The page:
I don't contest that VSCode has achieved better out of the box functionality than emacs but it still needs a lot of configuration. My experience is only with C++ extension where intellisense update just goes on indefinitely. Navigation to a function takes ages. Then I exclude some source directories and restart VSCode. And not to talk of resource hog that it is. When it works it is pretty good and that's why I stick to it. May be other language extensions are better. I would say it is the best editor with the resource usage of a full blown IDE.


The experience varies widely by language. TypeScript support is top-notch. Clojure support used to be bad and then got good. Rust support has been bad for a long time but the nascent rust-analyzer project makes it fantastic. Python support is decent but only if you get an optional, poorly-advertised extension on top of the default one. C# support is quite solid. Etc.

Only a couple of languages get first-party support from MS. The rest depend on their respective communities to build extensions. VSCode has a great plugin architecture, but it's entirely possible to write a bad plugin for it, especially if it's simply not a popular enough editor in that community yet. Still, none of the above required dependency-juggling or stepped on each others' toes. Only a couple cases required a configuration step to get them fully working. My worst VSCode setup experiences haven't wasted as much time as the Emacs golden path did.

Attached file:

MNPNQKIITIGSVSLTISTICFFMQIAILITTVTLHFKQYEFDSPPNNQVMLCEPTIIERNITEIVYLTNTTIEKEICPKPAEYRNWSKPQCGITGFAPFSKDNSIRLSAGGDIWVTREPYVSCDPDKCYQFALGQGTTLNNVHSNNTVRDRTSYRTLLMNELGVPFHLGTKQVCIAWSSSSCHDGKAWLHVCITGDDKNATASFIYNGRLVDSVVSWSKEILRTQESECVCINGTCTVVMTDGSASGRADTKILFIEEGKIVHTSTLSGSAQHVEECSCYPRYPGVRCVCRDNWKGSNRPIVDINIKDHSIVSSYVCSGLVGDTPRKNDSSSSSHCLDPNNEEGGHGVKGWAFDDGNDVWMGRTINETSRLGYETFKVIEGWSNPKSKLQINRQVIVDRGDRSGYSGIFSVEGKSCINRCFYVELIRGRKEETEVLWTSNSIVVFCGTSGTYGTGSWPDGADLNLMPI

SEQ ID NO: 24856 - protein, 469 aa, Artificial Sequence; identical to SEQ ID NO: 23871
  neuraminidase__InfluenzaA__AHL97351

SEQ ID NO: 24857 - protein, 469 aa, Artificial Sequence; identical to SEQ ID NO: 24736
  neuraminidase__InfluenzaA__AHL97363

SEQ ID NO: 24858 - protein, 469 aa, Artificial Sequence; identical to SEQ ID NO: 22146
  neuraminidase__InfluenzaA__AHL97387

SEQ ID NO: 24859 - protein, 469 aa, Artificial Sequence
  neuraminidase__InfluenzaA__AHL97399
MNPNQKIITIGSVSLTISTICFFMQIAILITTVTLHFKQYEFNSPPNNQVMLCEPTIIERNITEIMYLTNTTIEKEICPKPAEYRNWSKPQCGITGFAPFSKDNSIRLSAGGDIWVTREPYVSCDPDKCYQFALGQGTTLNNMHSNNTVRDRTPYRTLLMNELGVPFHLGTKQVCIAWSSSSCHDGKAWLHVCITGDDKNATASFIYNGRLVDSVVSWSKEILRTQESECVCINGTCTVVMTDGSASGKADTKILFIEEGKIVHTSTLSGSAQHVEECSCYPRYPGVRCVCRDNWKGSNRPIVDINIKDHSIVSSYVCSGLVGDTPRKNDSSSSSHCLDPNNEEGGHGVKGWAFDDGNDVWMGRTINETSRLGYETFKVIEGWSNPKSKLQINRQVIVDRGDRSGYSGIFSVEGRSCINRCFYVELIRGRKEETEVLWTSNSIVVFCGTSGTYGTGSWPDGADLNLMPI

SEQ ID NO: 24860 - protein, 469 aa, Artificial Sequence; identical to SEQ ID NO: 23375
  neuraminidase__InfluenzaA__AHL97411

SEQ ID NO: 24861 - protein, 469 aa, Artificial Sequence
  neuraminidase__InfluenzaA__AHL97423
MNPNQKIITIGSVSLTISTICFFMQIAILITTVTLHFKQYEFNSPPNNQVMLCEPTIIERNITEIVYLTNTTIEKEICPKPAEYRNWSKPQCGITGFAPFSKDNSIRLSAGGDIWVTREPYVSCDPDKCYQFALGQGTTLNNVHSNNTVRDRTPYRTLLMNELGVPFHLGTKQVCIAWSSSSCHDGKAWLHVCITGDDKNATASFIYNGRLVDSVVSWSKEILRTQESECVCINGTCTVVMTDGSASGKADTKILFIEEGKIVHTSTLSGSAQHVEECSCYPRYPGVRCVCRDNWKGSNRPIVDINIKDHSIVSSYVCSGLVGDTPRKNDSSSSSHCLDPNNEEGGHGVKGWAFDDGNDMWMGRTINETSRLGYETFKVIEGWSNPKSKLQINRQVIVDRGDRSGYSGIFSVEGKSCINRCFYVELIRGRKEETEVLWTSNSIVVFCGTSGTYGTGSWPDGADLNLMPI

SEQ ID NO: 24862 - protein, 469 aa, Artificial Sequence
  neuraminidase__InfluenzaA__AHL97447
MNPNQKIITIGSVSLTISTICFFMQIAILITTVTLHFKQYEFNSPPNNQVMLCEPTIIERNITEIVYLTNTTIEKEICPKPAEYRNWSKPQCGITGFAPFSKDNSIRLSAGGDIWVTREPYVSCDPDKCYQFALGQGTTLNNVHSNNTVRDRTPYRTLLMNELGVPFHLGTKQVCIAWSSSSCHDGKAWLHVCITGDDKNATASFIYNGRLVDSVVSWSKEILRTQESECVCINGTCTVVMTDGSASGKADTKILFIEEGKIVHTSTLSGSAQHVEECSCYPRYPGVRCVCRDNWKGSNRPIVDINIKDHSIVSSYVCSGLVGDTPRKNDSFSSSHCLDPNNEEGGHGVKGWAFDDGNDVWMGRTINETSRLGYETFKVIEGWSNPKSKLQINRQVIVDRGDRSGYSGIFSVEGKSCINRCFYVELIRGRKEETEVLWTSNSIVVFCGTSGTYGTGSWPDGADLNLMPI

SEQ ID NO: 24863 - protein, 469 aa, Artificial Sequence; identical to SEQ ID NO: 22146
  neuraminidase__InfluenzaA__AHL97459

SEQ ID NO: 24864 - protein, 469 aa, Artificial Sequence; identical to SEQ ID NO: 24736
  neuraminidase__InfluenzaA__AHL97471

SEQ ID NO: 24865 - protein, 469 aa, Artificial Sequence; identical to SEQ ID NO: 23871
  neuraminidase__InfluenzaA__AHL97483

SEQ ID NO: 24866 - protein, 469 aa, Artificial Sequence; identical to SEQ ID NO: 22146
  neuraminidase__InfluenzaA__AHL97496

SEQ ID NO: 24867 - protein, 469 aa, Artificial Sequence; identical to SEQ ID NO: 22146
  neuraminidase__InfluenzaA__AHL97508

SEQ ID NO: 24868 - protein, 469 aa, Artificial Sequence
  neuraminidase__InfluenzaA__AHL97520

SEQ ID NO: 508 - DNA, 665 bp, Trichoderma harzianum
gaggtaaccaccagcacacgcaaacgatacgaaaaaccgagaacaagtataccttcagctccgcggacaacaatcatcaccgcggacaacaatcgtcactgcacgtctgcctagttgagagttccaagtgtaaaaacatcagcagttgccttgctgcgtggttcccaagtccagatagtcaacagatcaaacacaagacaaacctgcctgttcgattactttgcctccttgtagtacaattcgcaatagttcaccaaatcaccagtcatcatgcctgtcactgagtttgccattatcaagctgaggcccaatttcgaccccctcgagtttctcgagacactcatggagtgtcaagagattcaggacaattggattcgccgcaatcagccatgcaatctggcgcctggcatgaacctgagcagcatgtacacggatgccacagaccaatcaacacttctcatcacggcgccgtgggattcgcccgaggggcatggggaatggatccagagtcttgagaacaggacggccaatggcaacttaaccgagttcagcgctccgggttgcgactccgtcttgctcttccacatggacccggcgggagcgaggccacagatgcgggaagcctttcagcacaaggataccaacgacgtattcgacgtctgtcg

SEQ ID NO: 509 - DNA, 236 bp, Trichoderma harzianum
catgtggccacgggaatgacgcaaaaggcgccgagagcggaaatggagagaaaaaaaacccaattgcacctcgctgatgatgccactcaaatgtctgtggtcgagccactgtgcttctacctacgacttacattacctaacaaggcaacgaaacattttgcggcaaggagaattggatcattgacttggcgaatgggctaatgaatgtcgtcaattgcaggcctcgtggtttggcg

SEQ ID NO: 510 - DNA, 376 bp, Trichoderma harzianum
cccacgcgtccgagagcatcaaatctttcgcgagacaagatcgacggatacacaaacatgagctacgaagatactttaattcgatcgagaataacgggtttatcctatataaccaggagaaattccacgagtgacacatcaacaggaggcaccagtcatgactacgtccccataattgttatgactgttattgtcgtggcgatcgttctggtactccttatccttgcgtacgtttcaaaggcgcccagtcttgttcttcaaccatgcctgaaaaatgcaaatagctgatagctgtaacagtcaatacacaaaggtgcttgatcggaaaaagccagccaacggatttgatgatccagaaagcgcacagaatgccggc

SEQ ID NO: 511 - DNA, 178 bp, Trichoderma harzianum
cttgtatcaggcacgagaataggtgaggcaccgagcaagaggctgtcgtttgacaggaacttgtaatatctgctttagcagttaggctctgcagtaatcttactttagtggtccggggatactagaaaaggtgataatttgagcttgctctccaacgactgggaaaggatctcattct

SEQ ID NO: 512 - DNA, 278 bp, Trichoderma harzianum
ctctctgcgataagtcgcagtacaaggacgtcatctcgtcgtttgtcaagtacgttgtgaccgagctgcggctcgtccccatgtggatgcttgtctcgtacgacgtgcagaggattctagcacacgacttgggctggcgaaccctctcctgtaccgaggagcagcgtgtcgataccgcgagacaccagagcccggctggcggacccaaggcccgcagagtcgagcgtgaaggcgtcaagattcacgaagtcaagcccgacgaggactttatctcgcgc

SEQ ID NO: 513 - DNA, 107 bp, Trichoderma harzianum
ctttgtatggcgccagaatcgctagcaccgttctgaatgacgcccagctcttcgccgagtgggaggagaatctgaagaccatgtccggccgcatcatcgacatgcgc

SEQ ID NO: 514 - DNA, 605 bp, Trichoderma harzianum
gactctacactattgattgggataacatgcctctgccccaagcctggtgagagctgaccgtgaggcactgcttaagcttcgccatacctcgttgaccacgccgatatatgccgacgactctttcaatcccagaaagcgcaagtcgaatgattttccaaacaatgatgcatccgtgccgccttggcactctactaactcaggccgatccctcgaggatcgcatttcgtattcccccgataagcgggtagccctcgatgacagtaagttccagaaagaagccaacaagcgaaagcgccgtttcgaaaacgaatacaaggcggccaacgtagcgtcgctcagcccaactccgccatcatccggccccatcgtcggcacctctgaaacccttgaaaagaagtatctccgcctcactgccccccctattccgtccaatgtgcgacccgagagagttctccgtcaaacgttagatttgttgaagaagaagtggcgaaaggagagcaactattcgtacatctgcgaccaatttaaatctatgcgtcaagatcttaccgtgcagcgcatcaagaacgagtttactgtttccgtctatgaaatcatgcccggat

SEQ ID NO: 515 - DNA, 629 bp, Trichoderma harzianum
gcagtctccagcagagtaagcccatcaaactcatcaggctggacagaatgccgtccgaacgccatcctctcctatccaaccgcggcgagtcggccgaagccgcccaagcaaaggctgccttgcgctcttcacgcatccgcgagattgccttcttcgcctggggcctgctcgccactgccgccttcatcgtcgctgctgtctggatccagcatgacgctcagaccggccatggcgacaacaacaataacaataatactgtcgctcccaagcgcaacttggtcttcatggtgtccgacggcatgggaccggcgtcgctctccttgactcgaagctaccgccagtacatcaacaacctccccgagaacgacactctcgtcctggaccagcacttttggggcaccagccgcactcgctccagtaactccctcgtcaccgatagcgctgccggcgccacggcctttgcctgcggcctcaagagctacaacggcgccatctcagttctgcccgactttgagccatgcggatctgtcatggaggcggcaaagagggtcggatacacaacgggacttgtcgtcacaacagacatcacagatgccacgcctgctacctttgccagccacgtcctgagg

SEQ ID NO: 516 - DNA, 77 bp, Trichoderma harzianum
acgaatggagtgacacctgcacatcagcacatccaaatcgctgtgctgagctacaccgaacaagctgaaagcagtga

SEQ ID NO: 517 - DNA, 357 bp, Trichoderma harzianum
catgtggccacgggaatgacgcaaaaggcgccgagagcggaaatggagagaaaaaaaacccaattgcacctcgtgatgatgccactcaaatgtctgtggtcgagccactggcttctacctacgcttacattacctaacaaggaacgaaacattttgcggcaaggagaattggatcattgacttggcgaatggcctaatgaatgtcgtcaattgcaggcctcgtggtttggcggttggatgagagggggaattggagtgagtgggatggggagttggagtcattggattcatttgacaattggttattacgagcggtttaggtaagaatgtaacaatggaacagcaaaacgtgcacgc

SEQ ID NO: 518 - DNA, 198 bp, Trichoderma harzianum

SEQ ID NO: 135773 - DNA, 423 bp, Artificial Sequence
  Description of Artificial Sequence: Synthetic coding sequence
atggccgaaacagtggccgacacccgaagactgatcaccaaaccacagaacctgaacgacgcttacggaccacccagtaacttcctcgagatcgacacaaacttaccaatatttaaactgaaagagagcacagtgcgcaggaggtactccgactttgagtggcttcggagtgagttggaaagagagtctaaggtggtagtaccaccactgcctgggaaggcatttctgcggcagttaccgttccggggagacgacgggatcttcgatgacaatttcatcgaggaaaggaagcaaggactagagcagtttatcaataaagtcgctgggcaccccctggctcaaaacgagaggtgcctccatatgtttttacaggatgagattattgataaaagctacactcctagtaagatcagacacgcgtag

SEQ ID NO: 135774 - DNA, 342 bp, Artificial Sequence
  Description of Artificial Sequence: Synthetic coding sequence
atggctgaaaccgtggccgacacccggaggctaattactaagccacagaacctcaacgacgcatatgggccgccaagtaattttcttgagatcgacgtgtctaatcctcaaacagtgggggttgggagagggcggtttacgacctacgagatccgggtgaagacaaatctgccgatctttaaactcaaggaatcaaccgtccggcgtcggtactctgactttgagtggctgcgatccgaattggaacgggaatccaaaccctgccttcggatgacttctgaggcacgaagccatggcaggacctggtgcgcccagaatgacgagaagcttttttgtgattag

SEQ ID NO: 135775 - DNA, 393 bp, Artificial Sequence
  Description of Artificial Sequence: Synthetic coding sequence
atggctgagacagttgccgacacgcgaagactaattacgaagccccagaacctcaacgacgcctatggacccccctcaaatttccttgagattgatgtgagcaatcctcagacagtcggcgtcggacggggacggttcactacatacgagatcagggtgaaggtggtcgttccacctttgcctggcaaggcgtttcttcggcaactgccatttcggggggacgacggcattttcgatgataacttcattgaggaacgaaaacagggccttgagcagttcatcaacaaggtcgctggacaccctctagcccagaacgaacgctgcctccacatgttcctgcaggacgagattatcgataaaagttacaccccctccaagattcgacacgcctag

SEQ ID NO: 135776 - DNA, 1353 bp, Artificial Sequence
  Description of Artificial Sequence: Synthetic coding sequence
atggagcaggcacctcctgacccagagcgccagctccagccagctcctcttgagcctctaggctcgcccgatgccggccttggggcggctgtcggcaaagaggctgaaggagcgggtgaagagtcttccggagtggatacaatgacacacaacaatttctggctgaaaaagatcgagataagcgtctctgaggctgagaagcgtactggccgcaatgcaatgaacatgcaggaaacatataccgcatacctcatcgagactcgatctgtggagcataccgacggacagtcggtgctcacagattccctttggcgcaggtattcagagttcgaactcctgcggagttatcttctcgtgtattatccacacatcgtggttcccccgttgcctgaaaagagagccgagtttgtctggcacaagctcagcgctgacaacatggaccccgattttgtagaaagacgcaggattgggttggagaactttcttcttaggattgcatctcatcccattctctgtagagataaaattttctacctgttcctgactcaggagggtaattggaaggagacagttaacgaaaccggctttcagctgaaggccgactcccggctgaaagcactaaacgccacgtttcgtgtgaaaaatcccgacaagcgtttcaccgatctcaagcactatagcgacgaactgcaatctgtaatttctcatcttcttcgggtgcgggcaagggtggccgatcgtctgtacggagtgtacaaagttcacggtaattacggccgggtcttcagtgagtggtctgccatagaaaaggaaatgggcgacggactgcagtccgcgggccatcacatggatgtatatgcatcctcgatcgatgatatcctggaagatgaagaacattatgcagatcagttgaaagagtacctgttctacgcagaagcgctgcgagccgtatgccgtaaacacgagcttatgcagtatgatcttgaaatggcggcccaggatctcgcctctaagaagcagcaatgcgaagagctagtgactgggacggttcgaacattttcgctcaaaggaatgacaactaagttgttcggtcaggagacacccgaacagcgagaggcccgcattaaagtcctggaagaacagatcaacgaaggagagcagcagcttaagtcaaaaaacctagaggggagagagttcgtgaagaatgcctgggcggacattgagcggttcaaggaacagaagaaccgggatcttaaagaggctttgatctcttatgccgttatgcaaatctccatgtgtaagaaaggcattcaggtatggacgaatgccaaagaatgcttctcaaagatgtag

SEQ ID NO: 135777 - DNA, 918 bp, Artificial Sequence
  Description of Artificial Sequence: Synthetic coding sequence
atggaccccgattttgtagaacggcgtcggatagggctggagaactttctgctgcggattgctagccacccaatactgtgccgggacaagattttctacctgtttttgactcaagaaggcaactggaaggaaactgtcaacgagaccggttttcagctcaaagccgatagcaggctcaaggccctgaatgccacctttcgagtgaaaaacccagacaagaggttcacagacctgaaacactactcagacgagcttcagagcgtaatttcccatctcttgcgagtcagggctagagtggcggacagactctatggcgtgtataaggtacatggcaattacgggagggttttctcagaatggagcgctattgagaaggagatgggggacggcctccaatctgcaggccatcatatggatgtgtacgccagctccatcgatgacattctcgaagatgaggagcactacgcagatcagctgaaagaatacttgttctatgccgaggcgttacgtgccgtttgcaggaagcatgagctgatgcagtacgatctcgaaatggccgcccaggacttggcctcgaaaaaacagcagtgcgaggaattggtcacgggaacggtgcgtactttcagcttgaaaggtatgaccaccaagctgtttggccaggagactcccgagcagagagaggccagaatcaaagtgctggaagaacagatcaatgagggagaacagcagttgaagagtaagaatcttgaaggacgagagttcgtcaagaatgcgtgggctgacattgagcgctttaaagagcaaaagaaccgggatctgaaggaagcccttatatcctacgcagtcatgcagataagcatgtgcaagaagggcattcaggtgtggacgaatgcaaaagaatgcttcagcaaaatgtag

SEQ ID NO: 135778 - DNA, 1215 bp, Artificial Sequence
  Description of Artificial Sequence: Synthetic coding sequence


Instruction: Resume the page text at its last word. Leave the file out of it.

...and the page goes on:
> Python support is decent but only if you get an optional, poorly-advertised extension on top of the default one.

Which one?


This one: https://marketplace.visualstudio.com/items?itemName=ms-pyrig...

I only found out about it by asking here on HN


I largely agree with this and I wasted a lot of time in school and earlier in my career on these tools because of how often they’re positively talked about in online communities and positively compared to what seem to be otherwise obviously better tools.


In a few years, VS Code has achieved better out of the box functionality for [people who don't already know / don't want to learn emacs].